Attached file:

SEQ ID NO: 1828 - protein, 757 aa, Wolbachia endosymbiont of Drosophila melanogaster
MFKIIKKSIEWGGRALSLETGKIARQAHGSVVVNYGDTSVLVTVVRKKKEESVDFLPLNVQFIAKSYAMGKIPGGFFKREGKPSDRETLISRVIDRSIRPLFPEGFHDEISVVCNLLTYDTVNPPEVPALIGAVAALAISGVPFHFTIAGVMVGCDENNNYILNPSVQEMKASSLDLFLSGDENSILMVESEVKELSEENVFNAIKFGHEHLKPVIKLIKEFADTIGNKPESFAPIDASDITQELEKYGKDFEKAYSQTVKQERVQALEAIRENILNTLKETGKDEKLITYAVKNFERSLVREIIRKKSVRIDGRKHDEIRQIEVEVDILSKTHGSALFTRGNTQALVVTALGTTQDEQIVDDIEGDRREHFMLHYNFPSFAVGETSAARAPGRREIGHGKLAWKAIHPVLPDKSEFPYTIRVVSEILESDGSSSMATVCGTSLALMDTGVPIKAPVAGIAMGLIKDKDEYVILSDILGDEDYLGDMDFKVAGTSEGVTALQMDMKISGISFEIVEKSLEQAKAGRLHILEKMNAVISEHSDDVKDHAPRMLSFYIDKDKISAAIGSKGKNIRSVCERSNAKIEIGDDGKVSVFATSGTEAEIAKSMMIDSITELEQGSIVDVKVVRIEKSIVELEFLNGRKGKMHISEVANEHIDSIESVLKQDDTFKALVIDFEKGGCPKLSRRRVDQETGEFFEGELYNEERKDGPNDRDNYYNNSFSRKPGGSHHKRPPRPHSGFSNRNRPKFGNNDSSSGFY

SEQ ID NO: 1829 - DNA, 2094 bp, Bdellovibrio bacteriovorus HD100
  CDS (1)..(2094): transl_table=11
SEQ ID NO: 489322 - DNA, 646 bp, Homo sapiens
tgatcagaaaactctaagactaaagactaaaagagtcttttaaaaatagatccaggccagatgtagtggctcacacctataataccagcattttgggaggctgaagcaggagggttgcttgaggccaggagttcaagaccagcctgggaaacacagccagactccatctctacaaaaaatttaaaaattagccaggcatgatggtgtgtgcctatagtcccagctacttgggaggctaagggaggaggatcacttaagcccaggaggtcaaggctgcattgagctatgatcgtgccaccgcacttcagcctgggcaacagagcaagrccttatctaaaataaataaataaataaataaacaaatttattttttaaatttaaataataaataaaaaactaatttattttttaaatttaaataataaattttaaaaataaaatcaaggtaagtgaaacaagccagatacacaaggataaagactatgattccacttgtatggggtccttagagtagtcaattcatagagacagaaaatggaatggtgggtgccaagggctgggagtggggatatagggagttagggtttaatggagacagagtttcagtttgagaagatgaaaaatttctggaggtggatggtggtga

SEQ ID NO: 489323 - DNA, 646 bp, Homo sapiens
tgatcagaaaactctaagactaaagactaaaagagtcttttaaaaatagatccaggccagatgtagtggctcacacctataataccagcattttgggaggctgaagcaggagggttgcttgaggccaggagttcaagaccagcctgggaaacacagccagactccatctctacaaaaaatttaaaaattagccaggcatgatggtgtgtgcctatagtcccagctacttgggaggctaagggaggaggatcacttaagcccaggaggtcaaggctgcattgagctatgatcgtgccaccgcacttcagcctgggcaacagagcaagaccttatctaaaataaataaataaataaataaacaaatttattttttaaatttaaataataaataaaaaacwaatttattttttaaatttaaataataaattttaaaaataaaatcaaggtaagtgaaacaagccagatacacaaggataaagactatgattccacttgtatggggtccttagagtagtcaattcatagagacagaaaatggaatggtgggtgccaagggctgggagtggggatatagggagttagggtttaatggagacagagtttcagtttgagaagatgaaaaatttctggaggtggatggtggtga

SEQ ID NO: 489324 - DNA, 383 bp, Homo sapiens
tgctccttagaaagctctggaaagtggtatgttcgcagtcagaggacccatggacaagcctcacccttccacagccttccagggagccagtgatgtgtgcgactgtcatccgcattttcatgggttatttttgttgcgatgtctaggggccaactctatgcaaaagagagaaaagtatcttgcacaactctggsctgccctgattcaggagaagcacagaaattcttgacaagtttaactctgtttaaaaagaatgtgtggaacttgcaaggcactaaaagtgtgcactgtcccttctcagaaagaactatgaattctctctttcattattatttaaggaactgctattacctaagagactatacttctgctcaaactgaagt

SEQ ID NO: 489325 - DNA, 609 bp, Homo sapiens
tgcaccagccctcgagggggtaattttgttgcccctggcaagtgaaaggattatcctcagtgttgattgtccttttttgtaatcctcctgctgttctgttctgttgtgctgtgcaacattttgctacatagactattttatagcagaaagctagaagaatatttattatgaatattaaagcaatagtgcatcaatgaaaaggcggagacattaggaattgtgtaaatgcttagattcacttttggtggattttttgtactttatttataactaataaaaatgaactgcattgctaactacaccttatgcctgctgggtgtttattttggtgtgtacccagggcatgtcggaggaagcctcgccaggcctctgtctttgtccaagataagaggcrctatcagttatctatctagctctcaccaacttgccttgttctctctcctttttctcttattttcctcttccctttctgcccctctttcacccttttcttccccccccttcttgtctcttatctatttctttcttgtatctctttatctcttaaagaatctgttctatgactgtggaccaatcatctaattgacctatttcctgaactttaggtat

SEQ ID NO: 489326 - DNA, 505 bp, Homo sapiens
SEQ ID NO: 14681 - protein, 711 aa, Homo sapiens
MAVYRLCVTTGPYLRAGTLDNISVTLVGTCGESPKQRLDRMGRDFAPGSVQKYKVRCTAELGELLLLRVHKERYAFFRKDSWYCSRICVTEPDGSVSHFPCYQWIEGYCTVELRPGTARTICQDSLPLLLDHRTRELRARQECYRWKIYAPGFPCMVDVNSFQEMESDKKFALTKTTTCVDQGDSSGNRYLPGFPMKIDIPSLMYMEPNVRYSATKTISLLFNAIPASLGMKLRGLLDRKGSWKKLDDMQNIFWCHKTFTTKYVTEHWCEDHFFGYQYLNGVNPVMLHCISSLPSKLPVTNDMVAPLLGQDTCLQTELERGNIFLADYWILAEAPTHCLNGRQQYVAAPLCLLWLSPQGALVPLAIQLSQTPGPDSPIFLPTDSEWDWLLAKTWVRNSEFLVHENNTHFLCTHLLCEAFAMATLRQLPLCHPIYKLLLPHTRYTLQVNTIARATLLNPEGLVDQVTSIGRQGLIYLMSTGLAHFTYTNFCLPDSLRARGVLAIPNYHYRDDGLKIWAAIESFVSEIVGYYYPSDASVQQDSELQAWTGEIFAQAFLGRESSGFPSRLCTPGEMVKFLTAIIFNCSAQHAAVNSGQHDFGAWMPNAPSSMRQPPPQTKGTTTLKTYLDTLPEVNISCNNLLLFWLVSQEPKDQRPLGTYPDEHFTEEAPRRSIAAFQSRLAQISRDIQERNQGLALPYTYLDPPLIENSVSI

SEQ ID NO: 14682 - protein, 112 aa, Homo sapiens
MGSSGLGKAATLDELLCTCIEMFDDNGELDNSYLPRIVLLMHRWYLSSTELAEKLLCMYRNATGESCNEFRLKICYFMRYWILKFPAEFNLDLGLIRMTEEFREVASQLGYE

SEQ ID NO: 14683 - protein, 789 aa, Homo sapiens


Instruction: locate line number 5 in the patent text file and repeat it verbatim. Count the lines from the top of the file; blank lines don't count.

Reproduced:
SEQ ID NO: 489322 - DNA, 646 bp, Homo sapiens